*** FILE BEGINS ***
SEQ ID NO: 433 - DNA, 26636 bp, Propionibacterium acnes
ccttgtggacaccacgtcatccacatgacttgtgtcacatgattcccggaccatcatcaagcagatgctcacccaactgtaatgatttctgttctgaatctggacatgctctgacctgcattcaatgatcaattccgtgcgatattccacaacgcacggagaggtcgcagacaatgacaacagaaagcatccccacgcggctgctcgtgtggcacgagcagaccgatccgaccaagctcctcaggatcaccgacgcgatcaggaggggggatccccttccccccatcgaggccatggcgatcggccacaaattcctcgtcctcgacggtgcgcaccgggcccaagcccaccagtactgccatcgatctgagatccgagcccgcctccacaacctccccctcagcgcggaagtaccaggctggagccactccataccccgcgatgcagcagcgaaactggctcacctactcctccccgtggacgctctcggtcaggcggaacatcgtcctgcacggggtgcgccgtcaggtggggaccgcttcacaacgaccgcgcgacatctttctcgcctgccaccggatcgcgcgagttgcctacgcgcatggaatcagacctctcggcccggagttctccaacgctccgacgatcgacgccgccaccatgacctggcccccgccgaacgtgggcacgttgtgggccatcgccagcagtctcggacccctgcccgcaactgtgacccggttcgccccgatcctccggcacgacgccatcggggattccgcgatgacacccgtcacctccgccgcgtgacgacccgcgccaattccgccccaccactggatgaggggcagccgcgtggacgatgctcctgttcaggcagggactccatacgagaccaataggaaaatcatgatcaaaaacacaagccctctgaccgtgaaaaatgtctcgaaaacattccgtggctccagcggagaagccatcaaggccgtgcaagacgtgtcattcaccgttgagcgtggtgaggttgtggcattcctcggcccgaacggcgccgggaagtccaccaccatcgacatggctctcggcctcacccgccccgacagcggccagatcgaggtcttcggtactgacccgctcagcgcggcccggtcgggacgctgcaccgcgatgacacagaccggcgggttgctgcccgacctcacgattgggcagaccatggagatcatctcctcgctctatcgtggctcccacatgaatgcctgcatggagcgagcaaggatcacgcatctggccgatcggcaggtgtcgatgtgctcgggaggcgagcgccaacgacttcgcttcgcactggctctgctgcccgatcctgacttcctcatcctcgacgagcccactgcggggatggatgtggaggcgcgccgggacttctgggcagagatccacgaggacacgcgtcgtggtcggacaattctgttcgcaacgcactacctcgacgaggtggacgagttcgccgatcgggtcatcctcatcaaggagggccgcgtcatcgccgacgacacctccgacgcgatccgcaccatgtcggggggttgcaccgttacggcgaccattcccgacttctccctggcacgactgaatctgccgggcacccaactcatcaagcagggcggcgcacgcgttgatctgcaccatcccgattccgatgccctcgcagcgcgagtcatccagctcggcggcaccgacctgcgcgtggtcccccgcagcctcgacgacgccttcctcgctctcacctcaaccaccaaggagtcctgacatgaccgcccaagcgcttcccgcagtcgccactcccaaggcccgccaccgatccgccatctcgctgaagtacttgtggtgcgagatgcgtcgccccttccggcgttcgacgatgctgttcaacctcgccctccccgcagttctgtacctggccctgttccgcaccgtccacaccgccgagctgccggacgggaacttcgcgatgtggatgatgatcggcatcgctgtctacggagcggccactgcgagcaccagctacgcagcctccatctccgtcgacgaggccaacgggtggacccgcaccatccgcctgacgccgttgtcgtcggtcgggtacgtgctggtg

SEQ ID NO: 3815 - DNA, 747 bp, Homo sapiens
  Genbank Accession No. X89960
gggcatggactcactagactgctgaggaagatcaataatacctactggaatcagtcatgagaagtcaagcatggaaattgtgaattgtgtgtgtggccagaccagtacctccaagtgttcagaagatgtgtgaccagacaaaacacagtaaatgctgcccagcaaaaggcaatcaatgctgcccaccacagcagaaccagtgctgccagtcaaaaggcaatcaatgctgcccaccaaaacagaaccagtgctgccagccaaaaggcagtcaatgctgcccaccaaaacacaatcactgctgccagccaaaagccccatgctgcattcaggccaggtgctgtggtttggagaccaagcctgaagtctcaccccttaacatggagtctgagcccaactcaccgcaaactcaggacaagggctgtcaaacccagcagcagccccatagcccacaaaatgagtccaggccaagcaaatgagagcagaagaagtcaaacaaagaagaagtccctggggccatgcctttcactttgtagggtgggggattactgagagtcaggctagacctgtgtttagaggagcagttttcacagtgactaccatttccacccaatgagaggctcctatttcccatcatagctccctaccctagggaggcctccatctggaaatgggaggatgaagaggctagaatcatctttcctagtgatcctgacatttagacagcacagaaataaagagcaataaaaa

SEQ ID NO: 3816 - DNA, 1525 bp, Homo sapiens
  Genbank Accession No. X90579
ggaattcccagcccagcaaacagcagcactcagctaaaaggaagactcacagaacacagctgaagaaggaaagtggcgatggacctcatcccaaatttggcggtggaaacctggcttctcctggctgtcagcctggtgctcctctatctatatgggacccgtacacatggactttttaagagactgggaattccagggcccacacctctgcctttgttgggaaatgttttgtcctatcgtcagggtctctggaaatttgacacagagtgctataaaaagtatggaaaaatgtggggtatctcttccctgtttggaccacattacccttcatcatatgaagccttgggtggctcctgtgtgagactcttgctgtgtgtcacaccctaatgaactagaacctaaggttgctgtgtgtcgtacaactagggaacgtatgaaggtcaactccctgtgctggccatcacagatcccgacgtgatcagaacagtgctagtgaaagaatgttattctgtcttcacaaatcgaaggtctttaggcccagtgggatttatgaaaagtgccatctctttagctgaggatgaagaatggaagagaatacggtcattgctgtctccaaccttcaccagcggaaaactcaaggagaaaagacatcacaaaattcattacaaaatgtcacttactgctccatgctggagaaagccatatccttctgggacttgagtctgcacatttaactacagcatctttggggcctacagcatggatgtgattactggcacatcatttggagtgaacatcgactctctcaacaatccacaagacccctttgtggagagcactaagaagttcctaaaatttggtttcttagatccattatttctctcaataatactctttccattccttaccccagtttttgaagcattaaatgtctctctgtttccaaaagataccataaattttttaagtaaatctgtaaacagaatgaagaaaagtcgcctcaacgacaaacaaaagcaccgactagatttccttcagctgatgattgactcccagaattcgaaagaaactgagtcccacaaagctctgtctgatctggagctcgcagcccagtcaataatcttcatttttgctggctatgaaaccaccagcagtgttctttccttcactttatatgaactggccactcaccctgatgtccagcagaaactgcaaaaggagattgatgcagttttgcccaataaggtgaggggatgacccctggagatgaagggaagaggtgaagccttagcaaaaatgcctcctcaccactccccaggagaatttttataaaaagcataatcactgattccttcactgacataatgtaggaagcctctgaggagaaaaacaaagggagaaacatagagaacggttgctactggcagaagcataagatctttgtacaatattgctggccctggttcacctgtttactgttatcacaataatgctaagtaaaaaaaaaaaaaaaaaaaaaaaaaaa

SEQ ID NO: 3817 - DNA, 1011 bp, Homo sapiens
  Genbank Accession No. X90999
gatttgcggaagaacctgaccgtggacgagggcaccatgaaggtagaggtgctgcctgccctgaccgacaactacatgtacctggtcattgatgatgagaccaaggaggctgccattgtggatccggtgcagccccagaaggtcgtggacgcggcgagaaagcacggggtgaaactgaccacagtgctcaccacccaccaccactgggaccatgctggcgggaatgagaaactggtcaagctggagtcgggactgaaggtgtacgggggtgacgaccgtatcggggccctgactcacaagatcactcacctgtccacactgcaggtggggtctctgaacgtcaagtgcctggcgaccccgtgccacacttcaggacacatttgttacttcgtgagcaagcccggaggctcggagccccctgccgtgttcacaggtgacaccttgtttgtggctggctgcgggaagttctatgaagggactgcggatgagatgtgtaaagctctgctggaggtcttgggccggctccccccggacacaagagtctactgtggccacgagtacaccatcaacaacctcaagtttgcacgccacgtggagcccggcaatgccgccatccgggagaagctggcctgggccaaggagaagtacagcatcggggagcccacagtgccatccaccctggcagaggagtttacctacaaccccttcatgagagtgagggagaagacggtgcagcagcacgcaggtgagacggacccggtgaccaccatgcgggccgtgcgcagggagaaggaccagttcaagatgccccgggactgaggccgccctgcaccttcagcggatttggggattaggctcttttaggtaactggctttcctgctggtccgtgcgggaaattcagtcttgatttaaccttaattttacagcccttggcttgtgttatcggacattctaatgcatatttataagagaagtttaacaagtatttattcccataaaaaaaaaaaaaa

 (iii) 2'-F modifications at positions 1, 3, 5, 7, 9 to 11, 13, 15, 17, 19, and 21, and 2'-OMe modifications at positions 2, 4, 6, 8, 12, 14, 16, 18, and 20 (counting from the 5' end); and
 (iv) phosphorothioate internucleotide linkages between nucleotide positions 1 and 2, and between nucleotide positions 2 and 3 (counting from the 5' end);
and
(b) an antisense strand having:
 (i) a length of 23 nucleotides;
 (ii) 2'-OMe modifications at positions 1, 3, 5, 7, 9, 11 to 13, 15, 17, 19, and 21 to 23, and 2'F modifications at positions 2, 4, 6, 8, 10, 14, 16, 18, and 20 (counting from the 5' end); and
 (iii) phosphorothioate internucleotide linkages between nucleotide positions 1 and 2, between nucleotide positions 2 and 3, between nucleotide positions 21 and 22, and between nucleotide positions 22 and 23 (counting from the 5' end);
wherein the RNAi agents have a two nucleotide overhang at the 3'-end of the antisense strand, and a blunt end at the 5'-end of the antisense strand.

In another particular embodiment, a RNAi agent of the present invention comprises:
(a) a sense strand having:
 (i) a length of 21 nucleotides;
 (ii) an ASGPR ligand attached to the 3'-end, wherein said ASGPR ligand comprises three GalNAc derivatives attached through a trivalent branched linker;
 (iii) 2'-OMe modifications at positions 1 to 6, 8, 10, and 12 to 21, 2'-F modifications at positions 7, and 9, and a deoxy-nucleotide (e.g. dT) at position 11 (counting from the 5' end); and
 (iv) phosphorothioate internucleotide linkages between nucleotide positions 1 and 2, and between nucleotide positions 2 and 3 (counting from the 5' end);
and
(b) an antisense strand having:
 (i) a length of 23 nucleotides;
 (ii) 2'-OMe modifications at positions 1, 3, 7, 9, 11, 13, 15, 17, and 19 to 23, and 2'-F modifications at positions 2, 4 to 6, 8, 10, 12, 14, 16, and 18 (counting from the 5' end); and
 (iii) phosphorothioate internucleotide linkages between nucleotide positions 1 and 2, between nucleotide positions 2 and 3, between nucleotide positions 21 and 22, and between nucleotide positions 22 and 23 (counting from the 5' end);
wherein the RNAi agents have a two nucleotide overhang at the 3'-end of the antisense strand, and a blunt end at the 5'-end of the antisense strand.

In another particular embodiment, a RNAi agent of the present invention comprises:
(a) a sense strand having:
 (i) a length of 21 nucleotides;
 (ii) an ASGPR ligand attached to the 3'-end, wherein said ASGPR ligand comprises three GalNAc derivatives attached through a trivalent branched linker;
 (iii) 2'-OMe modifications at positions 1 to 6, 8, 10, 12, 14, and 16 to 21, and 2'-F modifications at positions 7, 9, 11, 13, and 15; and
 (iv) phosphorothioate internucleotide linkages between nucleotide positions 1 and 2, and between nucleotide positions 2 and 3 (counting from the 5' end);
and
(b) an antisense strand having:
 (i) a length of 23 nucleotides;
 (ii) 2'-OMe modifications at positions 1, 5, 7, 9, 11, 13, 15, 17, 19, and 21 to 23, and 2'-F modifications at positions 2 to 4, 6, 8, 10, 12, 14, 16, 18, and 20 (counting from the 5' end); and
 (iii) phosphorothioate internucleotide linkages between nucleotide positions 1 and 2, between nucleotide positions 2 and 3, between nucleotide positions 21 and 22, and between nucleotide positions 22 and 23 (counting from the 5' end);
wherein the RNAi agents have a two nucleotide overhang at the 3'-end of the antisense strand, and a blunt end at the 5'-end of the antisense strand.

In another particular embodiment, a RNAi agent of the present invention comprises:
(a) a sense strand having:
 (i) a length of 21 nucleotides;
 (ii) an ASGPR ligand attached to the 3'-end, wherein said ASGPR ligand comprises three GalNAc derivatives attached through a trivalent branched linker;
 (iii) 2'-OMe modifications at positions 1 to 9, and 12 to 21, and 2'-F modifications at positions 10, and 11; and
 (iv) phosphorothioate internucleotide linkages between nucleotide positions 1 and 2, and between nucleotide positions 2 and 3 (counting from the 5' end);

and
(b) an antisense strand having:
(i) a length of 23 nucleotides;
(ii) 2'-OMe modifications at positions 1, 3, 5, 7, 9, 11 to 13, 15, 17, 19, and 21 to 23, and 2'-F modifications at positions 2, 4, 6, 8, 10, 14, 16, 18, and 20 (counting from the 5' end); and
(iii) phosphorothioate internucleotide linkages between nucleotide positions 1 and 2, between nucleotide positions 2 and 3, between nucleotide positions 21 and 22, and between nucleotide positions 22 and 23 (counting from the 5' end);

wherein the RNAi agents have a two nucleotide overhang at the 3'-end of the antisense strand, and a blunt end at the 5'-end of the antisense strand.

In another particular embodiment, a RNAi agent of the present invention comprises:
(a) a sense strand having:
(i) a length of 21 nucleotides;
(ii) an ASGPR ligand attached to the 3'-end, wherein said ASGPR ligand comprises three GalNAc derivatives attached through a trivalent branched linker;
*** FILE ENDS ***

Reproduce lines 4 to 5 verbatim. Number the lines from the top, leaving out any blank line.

  Genbank Accession No. X89960
gggcatggactcactagactgctgaggaagatcaataatacctactggaatcagtcatgagaagtcaagcatggaaattgtgaattgtgtgtgtggccagaccagtacctccaagtgttcagaagatgtgtgaccagacaaaacacagtaaatgctgcccagcaaaaggcaatcaatgctgcccaccacagcagaaccagtgctgccagtcaaaaggcaatcaatgctgcccaccaaaacagaaccagtgctgccagccaaaaggcagtcaatgctgcccaccaaaacacaatcactgctgccagccaaaagccccatgctgcattcaggccaggtgctgtggtttggagaccaagcctgaagtctcaccccttaacatggagtctgagcccaactcaccgcaaactcaggacaagggctgtcaaacccagcagcagccccatagcccacaaaatgagtccaggccaagcaaatgagagcagaagaagtcaaacaaagaagaagtccctggggccatgcctttcactttgtagggtgggggattactgagagtcaggctagacctgtgtttagaggagcagttttcacagtgactaccatttccacccaatgagaggctcctatttcccatcatagctccctaccctagggaggcctccatctggaaatgggaggatgaagaggctagaatcatctttcctagtgatcctgacatttagacagcacagaaataaagagcaataaaaa